“This is the most stirring and professionally-acted play I’ve seen in a long time.”
– Brenda Repland, Al Hawadeth
“Raviv is convincing as a charming leader. Full of passion, he persuades the audience, along with his companions, to join his cause.”
– Stefan Woych, Theaterscene.net
The Israeli-Palestinian Conflict is a sticky subject. Be it religious, political, altruistic or personal, everyone has a knee-jerk reaction at the mention of it. There are Muslims that are Zionists and Jews that are not. The complex history and politics have pitted Arab against Arab and Jew against Jew. Misha Shulman’s courageous and sensitively provocative new drama Martyrs Street takes the bull by the horns and steers straight into the labyrinth of diverse viewpoints. The cross section of a month in the life of two households (one Arabic, one Jewish) shown side-by-side becomes a microcosm of the conflict with all its trappings, as well as its deep dark secrets.
Martyrs Street is in Hebron, the largest city in the West Bank and the second largest in the Palestinian territories. The impressive set by Stephen Dobay and Caleb Levengood displays two houses whose existence is unauthorized by the Israeli government, both to be demolished. One appears contemporary and secular. The other, simple stone, has a menorah and a Talit (prayer shawl). Behind, between and in front of the houses are paths. Director Ian Morgan, Associate Artistic Director of The New Group, uses the space well. Life doesn’t start or stop in either house. During any given scene, action is still taking place in the other house or in the street. Some appropriate incidental music by Yonatan Gutfeld adds an eastern flavor.
The play starts when Nimer (Haythem Noor), an Arab bomb maker, has a meeting with Tsadok (Jonathan Raviv), a Jewish activist who has Moroccan roots. They feel disdain, yet they talk and try to understand each other. “We’re both fighting the same thing,” Tsadok says. Nimer is bewildered over Tsadok’s dichotomy. They don’t trust each other, but they strike a deal. Included in the harsh dialogue is hesitation and inquiry. Morgan’s subtle direction clarifies that this play asks, “Who is the enemy?” Morgan’s vision of each character is clear, maintaining a tension not only between Muslims and Jews, but between family, friends and party affiliations. The action is often turbulent and alarming, at times tender and disarming. Morgan is careful to keep the play from becoming melodramatic. There is some awkward blocking, however. In a scene where Nimer fights with his mother Noor (Maria Silverman) over his sister Aisha (Dahlia Azama), the staging is not credible. The struggle lacks the intensity to equal what is at stake. As a result, the dramatic ending of this scene loses the impact the text demands.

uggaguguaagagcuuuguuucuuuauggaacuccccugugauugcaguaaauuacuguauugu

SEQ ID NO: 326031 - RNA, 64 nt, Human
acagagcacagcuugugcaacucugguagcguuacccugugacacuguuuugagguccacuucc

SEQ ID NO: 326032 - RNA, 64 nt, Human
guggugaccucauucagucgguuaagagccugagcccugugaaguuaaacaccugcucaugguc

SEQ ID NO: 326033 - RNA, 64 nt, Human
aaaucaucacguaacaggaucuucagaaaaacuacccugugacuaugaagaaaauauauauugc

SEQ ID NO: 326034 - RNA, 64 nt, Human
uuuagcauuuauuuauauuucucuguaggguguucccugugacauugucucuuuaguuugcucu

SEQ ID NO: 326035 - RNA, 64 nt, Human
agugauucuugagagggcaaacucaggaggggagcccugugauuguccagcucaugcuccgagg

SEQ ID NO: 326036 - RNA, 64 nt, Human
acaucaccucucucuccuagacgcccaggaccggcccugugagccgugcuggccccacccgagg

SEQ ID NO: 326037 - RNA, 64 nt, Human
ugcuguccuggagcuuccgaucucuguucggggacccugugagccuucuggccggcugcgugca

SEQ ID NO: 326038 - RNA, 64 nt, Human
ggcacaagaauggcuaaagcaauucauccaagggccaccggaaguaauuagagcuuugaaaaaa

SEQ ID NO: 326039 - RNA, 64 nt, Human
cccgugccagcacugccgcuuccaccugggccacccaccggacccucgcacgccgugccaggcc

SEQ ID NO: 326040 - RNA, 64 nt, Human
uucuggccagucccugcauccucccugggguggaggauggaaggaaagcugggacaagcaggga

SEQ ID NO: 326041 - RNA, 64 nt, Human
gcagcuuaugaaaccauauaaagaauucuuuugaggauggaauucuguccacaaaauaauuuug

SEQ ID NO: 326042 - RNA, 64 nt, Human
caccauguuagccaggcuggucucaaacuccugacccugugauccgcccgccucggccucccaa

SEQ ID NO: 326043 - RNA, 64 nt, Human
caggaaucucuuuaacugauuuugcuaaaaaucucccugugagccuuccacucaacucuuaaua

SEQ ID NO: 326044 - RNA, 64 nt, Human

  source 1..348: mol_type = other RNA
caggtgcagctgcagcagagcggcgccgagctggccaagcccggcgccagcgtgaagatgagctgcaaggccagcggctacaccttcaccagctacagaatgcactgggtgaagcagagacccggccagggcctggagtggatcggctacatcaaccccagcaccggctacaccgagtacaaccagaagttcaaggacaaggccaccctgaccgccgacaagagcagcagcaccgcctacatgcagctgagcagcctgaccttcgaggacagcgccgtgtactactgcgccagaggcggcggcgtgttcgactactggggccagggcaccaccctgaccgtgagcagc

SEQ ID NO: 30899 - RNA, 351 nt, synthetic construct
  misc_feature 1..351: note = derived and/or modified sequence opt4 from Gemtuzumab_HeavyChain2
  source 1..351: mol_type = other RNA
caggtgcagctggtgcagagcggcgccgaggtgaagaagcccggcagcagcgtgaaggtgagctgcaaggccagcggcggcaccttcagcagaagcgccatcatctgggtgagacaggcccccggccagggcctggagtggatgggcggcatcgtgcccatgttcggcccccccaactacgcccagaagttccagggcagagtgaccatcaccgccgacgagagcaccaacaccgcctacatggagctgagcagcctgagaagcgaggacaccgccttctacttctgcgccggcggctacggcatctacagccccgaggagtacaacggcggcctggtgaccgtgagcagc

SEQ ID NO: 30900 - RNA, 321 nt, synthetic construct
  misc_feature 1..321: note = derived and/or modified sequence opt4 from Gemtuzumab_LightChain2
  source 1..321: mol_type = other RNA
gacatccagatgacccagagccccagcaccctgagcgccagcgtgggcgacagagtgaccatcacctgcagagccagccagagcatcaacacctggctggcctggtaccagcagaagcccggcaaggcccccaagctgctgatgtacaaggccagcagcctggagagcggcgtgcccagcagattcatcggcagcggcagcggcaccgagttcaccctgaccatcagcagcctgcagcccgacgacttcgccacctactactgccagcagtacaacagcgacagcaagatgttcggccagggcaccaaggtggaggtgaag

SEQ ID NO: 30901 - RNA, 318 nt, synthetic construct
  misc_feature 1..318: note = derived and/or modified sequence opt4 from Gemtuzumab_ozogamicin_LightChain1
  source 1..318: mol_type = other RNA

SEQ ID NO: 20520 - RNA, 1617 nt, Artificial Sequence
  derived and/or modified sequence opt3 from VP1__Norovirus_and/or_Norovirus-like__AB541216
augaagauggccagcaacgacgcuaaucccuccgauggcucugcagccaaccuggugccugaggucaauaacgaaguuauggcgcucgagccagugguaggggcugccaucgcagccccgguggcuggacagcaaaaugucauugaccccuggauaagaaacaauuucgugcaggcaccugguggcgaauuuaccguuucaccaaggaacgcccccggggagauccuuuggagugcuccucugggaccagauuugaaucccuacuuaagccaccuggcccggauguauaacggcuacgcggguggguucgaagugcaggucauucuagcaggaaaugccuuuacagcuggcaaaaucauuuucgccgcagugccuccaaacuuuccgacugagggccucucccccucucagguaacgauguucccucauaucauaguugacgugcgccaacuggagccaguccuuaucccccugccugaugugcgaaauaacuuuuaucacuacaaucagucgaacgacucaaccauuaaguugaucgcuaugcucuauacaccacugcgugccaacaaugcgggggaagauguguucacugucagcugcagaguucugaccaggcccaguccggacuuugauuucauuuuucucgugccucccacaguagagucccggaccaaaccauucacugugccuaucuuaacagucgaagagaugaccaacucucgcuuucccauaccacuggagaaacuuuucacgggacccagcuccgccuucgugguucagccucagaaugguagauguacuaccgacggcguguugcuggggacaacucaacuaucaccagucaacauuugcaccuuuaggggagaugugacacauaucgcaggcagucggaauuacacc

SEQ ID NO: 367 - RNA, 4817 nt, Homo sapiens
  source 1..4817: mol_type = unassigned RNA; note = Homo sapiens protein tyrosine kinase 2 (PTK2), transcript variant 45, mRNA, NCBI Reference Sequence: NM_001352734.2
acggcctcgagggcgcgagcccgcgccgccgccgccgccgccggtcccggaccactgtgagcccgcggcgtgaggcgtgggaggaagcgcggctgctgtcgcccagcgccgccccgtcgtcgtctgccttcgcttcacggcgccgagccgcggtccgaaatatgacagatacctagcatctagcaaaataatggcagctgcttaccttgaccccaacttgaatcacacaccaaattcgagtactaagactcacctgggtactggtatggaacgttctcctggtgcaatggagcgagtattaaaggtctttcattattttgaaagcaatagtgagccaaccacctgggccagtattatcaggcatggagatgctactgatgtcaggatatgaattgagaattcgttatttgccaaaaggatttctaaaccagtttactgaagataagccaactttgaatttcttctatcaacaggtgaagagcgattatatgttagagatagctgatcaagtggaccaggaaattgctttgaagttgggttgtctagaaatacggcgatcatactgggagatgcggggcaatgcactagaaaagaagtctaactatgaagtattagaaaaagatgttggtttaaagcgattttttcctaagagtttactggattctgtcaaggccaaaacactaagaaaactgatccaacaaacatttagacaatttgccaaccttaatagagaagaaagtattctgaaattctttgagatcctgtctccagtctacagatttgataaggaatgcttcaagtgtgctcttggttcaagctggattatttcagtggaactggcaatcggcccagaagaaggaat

Shulman is a skilled story teller, creating characters that are real and complex: honorable people that make mistakes, some misguided, some well-intentioned or ruthless. People we all know, maybe even in our own families. Shulman makes the head of each household, two women, the focal point of the play. Noor, which means light in Arabic, is a widowed professor at the university with a 16-year-old daughter, Aisha, and a son, Nimer. She doesn’t wear a headscarf, and spends time alone with her late husband’s friend Salim (Alok Tewari), which is frowned upon in the community. Noor received an order from the Israeli government that her house is going to be taken down in 30 days.
Dvorah (Hebrew for Deborah, the prophet/warrior) is an unmarried, pregnant and religious 20-something-year-old woman from Brooklyn who has moved to Israel for a sense of purpose. Dvorah lives in an unauthorized Jewish settlement not far from Noor. They each fight in their own way to save their homes. The women stop and greet each other on a few occasions. They are uncomfortable and frustrating conversations. Still, they both make an effort to see and listen to each other. A mutual respect is evident. The intelligent writing shows the hatred and mistrust from the confusion caused by propaganda, rumor and/or politics. It also shows compassion and understanding that a human being might have for another if only you stop and say hello. Martyrs Street is powerful in its meaning and its human interaction.
As an ensemble, the actors do an outstanding job. Silverman is present and compelling as Noor. She carries herself with a quiet dignity allowing her character to show pride and humility at the same time. Raviv is convincing as a charming leader. Full of passion, he persuades the audience, along with his companions, to join his cause. The rest of the cast perform with great fervor; nonetheless, they tend to get stuck in a one-word definition of their character.
The world premiere of Martyrs Street about the Israeli-Palestinian Conflict bravely bares it all, for good or for bad, and delicately places it on the table for discussion. It has already won the Canadian Jewish Playwriting Competition and the Across the Generations International Playwriting Contest. It should be required viewing for all.